Suppliers in particular are prone to this problem. Retail and foodservice customers–including private equity–have a clearer path for their future.
It’s time for supplier CEOs to get real about some of the strategy issues impeding growth:
- Most strategies are pitches. Asked to pressure test, I usually find only a vague link at best between activity, value creation, superior performance and the industry environment.
- Strategies are limited to the capability-bandwidth of the executive team, which is often out of sync with market realities.
- The surge of effort that jump-starts implementation sputters against time, cost and other hurdles the organization didn’t anticipate.
- Resources aren’t aligned with the strategy–making it impossible to implement. Ideas capable of moving the needle over the long term lack seed capital separate from the annual operating budget.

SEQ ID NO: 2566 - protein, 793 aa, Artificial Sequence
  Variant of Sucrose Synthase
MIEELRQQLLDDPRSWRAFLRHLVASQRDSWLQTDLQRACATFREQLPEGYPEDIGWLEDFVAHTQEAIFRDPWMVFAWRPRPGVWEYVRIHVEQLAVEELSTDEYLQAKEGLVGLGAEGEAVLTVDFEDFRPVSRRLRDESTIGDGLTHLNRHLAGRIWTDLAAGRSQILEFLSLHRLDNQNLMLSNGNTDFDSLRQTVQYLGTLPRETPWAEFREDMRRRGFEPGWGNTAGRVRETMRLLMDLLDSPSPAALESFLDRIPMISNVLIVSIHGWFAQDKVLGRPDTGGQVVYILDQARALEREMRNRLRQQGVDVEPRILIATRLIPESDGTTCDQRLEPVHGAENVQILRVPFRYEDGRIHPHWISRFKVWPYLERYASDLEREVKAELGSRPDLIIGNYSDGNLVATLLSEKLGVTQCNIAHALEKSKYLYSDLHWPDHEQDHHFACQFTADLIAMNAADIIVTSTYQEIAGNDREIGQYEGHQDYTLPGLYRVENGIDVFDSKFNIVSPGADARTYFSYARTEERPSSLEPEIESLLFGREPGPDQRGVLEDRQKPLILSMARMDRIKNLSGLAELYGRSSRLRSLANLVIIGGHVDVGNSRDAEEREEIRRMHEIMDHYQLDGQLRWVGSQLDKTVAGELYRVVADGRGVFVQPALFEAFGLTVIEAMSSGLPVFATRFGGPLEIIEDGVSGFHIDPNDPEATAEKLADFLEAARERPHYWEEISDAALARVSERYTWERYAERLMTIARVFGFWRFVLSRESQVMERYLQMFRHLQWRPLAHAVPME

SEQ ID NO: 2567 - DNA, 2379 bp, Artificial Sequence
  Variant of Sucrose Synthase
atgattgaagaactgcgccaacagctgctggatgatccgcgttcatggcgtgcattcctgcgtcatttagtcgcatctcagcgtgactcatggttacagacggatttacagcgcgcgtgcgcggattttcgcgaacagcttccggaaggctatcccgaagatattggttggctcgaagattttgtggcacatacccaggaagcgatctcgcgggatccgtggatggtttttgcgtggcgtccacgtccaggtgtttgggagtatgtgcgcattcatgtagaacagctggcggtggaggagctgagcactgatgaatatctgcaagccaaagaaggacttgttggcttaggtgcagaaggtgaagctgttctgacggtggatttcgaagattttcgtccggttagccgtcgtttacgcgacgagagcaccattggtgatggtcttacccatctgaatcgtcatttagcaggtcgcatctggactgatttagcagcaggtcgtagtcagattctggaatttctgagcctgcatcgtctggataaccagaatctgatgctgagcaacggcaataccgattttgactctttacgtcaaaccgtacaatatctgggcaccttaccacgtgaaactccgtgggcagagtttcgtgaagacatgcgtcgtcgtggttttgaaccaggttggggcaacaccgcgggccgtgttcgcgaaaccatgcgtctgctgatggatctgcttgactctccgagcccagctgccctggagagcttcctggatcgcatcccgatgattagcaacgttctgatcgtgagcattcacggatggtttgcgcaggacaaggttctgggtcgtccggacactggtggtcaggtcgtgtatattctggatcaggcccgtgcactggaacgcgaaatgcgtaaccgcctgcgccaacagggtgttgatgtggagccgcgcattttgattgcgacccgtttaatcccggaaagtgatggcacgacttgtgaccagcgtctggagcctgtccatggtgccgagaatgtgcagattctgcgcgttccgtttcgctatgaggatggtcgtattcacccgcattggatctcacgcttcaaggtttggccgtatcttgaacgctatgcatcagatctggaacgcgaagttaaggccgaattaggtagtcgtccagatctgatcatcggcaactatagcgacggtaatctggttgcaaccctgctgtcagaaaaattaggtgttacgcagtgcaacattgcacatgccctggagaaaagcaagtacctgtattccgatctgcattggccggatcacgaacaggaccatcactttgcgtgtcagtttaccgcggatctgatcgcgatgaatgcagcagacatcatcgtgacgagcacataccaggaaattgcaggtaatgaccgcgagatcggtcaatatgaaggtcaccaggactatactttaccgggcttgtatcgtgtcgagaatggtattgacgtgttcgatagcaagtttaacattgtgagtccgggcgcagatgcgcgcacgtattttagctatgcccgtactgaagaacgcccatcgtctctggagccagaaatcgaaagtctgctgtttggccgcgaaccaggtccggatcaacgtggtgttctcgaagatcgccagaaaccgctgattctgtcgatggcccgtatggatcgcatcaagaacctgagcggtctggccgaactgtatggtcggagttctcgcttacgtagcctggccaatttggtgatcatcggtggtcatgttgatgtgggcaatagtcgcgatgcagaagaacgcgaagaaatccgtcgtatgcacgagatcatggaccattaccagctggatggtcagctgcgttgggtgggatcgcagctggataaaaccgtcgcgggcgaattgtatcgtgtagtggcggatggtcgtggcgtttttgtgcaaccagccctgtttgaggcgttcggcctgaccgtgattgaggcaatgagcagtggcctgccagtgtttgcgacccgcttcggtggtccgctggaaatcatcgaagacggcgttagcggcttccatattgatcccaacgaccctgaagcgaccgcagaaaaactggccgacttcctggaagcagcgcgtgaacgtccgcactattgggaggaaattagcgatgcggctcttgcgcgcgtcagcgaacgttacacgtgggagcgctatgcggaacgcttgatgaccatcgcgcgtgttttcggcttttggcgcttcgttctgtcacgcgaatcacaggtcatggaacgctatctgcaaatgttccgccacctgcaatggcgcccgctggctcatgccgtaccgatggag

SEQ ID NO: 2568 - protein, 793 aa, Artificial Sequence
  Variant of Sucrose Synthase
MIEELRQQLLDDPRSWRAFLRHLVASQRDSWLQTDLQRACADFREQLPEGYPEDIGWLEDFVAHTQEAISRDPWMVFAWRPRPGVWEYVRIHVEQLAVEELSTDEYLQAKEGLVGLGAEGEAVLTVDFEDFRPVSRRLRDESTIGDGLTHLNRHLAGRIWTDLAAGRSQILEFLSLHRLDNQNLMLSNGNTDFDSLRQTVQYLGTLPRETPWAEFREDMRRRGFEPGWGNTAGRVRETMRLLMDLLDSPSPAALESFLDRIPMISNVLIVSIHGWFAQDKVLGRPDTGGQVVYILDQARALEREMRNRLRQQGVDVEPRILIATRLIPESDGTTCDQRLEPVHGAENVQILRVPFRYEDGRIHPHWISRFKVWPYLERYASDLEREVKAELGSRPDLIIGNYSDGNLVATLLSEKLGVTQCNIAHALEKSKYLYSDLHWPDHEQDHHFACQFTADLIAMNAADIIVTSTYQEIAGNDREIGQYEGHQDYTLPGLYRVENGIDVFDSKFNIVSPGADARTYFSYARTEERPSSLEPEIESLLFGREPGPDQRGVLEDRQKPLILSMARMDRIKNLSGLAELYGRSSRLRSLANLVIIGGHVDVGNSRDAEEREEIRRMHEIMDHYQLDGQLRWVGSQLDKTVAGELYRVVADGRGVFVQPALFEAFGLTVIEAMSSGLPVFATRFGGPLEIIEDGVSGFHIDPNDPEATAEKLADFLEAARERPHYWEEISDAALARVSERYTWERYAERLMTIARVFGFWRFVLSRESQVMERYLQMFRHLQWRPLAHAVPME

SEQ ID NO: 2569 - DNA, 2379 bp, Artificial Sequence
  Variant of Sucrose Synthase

- Sequence of execution is unclear, targets are homogenized, offerings are packaged, returns on specific resource allocation aren’t measured and reported.
- The “why” behind new industry behaviors is missing or not predictive to prepare the organization for what’s around the corner.
- The company’s self-described market position is inaccurate, inflated, aspirational (“Leaders in the category”, “Cutting-edge innovation”, “Highest quality”). Customers don’t share these perspectives, so strategy lacks a credible starting point before the ink is dry.
- Strategies don’t address problems head on–only symptoms and outcomes of more profound organizational issues.
If two or more of points apply to your company, it’s time to revise your growth approach with clear-eyed scrutiny and tough questions to enable better results.